General introAs I've said elsewhere, I believe in the promise and reality of blogging. The apostle Paul either would have done it, would have had his trainees do it — or both. It's a mode of outreach bristling with tantalizing potentials.
Or maybe the retiring blogger found a more fruitful outreach, like being offered Rick Warren's pulpit while he reforms his worldview. Or something. If it's more fruitful and precludes blogging, go for it. Otherwise, if you've something worth saying, stay with it.
I have some thoughts I'd like to share on... well, see the title. Do I have the right to pontificate? Oh mercy me, no. But I think I may have accumulated the cred to offer some pointers born of experience. Apply as you see fit, remembering that your mileage may vary.
You need to decide what you intend to accomplish. If you just need an ID so you can comment on blogs, then don't bother writing any posts. If you just want to post occasional updates about your family, go for it, and be content with the 3-22 visits you get a day. (Truly, I'm not being sarcastic. There's nothing wrong with that as a goal.) If you just want to offer 2-5 very important thoughts that you can refer people to later, that's fine, too.
How do you decide?
- Pray for God's help in thinking it through.
- Invite (and listen to) counsel from wise friends with the time to give it (Proverbs 15:22; 20:18; 27:6b, 17).
- Consider where your passions lie.
Expanding on number three: maybe you look at some blog you admire and think, "That looks easy and fun. I want to do that!" Sure... but are you writing now? Have you always written, a lot? Have people enjoyed your writing? Have you journaled, written letters, created stories, done essays — without being forced to do it by a teacher or boss?
See, if you don't love to write, your blogging-impact will be minimal. You have to keep writing, if you want people to keep coming. If you don't love to write, then keeping writing will become a ball and chain. It won't be fun for anyone. So don't.
Having done this, then...
You need to pursue your goal. Be disciplined. Write. Keep writing. Write more.
What are some practical ways to do this?
- Always have some recording-device with you — pen and paper, smart-phone, PDA, something.
- As you read the Bible and books and papers and web sites, jot down thoughts that strike you which might become a post.
- Do the same as you hear sermons.
- Do the same as you walk, wait in line, watch TV, drive (safety first).
- As soon as you can, take any of these ideas and start a post. If it bubbles out full-blown, finish the post. If you only have a nub, start it and do an outline to be finished later.
Strategery and etiquette
So let's say you have your goal in mind, you have some idea what you're doing, you have something worth saying, and you have skill in saying it.
Naturally, you want people to read it. You don't want to be talking to yourself in a grand echo-chamber. You want to make a difference, have an impact — unless, as I said, you just want family and a few friends to drop by occasionally for personal updates.
How do you do that? I offer a do, a don't, and two do's.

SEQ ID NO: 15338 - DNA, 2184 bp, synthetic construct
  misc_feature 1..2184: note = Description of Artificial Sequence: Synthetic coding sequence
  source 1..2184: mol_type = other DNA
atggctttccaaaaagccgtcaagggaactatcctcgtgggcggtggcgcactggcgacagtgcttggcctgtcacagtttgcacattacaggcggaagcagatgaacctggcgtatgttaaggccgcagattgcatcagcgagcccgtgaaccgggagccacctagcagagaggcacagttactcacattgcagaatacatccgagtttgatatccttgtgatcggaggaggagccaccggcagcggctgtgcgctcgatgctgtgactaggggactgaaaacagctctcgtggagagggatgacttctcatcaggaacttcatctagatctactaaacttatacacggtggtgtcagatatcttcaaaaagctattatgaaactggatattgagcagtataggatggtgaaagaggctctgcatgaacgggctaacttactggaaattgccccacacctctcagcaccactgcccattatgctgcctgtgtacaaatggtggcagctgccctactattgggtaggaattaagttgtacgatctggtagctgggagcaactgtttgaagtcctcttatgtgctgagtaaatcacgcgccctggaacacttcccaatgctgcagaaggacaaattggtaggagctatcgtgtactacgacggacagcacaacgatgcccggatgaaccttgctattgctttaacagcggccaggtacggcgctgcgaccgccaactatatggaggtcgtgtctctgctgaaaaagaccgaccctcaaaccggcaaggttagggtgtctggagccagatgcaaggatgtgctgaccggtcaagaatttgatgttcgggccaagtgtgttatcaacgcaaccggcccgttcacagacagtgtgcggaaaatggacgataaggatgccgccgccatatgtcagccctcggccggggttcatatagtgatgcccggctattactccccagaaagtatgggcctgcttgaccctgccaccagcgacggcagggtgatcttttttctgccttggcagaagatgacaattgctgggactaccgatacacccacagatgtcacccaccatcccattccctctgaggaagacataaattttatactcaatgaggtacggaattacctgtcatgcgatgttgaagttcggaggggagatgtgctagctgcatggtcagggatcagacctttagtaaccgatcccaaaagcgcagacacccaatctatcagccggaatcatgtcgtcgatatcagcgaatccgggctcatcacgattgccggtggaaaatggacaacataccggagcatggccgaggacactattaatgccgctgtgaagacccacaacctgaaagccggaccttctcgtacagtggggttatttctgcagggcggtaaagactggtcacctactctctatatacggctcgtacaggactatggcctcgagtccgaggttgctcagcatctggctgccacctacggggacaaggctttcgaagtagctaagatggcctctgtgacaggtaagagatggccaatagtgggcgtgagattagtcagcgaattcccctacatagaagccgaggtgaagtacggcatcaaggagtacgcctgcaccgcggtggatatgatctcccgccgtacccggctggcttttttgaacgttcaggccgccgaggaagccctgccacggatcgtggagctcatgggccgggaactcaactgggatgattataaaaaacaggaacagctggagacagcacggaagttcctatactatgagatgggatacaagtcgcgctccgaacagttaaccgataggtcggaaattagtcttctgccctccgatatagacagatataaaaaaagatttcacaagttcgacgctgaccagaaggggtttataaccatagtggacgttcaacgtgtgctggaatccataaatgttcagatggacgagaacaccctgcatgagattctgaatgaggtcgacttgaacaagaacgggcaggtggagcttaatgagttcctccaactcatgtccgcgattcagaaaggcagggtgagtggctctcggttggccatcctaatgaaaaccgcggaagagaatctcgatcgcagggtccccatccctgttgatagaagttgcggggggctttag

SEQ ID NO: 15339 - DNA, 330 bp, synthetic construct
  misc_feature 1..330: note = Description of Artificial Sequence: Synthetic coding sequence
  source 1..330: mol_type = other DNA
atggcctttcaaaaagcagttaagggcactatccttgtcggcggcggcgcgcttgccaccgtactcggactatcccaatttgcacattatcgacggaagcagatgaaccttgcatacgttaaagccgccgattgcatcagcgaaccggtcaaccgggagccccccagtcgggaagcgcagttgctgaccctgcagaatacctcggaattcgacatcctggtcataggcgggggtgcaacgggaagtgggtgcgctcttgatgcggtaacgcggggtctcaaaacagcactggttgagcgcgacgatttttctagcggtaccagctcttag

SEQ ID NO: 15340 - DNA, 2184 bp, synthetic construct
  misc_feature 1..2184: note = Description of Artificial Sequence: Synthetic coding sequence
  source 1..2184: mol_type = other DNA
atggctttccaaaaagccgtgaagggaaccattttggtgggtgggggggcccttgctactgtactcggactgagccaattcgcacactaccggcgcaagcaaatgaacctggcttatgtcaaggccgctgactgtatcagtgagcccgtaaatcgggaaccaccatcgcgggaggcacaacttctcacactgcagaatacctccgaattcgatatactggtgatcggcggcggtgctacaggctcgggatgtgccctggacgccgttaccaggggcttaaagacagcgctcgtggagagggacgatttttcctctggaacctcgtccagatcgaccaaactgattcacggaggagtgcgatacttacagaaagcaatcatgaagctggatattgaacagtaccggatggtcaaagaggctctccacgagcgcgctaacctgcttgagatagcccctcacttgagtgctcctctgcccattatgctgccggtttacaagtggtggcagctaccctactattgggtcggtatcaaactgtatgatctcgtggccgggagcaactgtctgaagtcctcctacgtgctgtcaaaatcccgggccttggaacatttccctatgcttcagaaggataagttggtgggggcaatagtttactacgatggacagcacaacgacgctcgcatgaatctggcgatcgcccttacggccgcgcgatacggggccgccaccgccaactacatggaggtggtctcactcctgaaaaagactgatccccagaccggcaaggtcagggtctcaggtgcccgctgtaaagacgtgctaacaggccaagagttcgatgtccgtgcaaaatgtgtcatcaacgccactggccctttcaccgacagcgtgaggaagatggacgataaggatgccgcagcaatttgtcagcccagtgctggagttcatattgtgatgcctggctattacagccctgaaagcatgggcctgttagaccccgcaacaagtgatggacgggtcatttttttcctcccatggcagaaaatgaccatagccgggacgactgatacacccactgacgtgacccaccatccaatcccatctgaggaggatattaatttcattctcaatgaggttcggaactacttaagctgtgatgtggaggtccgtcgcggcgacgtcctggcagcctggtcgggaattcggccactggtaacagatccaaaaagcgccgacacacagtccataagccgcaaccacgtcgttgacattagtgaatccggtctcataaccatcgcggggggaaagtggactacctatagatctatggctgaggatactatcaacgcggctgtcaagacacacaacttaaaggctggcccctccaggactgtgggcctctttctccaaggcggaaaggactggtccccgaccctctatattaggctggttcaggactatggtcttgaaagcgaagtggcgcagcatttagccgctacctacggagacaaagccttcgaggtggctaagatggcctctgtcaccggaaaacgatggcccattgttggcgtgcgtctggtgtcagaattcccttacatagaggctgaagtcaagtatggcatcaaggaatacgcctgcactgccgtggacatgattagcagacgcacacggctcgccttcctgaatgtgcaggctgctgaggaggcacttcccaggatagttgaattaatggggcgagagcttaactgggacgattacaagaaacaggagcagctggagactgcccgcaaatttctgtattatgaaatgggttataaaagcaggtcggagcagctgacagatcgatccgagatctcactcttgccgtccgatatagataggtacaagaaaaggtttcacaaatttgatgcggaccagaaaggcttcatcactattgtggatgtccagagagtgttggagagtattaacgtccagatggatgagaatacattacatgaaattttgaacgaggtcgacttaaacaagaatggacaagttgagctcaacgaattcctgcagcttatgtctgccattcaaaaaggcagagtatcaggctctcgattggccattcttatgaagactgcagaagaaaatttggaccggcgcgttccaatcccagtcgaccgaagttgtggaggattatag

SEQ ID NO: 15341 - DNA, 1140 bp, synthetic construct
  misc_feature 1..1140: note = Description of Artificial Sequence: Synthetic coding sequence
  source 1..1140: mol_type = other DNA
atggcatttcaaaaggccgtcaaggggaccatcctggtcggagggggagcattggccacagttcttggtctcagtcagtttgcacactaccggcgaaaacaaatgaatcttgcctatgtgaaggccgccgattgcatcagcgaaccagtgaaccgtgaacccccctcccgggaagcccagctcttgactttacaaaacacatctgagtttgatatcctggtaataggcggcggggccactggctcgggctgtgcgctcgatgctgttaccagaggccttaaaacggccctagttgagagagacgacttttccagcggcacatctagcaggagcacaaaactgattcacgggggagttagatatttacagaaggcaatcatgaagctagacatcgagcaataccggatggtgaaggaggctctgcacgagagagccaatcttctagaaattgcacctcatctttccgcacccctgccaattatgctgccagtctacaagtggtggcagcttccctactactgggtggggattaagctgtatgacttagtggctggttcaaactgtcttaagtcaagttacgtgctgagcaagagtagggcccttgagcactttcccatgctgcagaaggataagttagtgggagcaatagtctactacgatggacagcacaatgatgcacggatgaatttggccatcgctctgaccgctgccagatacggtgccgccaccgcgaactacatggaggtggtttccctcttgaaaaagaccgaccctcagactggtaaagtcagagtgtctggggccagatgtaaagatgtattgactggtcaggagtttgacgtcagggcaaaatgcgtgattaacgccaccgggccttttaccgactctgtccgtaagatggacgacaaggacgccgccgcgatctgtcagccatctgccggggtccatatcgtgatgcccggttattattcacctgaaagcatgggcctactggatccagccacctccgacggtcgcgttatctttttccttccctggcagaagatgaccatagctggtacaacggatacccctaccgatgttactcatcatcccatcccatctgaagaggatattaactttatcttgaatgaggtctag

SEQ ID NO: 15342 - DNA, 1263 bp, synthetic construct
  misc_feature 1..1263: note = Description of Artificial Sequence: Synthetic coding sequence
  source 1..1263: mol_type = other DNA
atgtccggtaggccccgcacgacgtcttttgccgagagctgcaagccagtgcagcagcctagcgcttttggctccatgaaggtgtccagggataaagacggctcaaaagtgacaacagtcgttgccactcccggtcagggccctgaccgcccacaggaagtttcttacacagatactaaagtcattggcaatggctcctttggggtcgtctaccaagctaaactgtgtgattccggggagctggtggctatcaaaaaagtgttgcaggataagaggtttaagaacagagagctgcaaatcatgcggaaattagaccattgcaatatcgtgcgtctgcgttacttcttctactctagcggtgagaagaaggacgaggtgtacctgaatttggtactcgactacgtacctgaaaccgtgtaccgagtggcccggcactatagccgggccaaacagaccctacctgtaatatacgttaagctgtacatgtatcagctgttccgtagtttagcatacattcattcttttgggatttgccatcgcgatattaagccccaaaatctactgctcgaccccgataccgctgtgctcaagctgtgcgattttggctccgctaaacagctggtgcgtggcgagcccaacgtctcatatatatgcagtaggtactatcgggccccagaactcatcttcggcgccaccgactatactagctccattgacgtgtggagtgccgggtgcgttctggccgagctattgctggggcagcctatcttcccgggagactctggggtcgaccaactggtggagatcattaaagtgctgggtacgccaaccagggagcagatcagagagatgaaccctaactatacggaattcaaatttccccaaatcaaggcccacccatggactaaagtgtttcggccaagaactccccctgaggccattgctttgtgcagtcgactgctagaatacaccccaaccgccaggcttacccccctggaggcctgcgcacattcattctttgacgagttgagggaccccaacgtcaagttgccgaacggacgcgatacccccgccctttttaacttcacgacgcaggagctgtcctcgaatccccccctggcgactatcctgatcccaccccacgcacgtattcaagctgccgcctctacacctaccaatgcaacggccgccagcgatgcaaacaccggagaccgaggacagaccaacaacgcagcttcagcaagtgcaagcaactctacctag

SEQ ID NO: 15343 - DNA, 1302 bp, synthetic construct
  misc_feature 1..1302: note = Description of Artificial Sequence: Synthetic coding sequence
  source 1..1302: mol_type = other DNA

Do read broadly. Go to a number of blogs. See how the effective writers are doing it. You probably already know who they are. Check the blogrolls at Pyro and elsewhere for ideas. See who your favorite bloggers tend to quote, and read them. Develop your own tastes. Learn from the accomplished and experienced.
The next is important, and I will shout it.
DO NOT abuse your hosts by littering their comment-threads with self-serving ads! Maybe I'm only speaking for myself — but I very much doubt it. I think few things in the world are (A) more annoying and (B) less effective than comments which read "Nice blog. Come check mine out (link)."
You've written about the deity of Christ, about the fall of America, about penal substitutionary atonement, about marriage... and someone comments, "Nice blog. Come check mine out (link)."
Do that, and three things are likely to happen.
- A few will indeed visit - once.
- The host will think dark thoughts of you.
- Most commenters will think the same.
You only get one shot at a first-impression, and that's a bad way to take it.
A much better idea is....
DO write brief, concise, meaty, well-phrased, relevant comments engaging the posts on your favorite blogs. What gets me to visit the blog of a complete stranger I've never heard of in my life? A great comment. I don't care who it is, I don't care if (s)he is a no-name: if (s)he posts a sharp, witty, pithy comment on my or anyone's blog, I am going to click on the name, go to the profile, and visit that blog.
Now, in this context only, it may be perfectly fine to say "I think A, B, and C about this post, and wrote a bit more about it here."
But that is the best honest way to attract readers. Go to blogs people read, read them, and interact meaningfully and (if I may say it this way) tastily. Folks will legitimately want to know more of what you think.
Do have something worth reading once they come to visit. Many times, a pithy commenter at one blog becomes a verbose rambler at his own. The comment draws visitors once, but a barrage sends them on their way. Better to write two really good concise posts than one long, rambling one.
Which seems like a good note on which to end.
Hope this helps.
Hope this helps.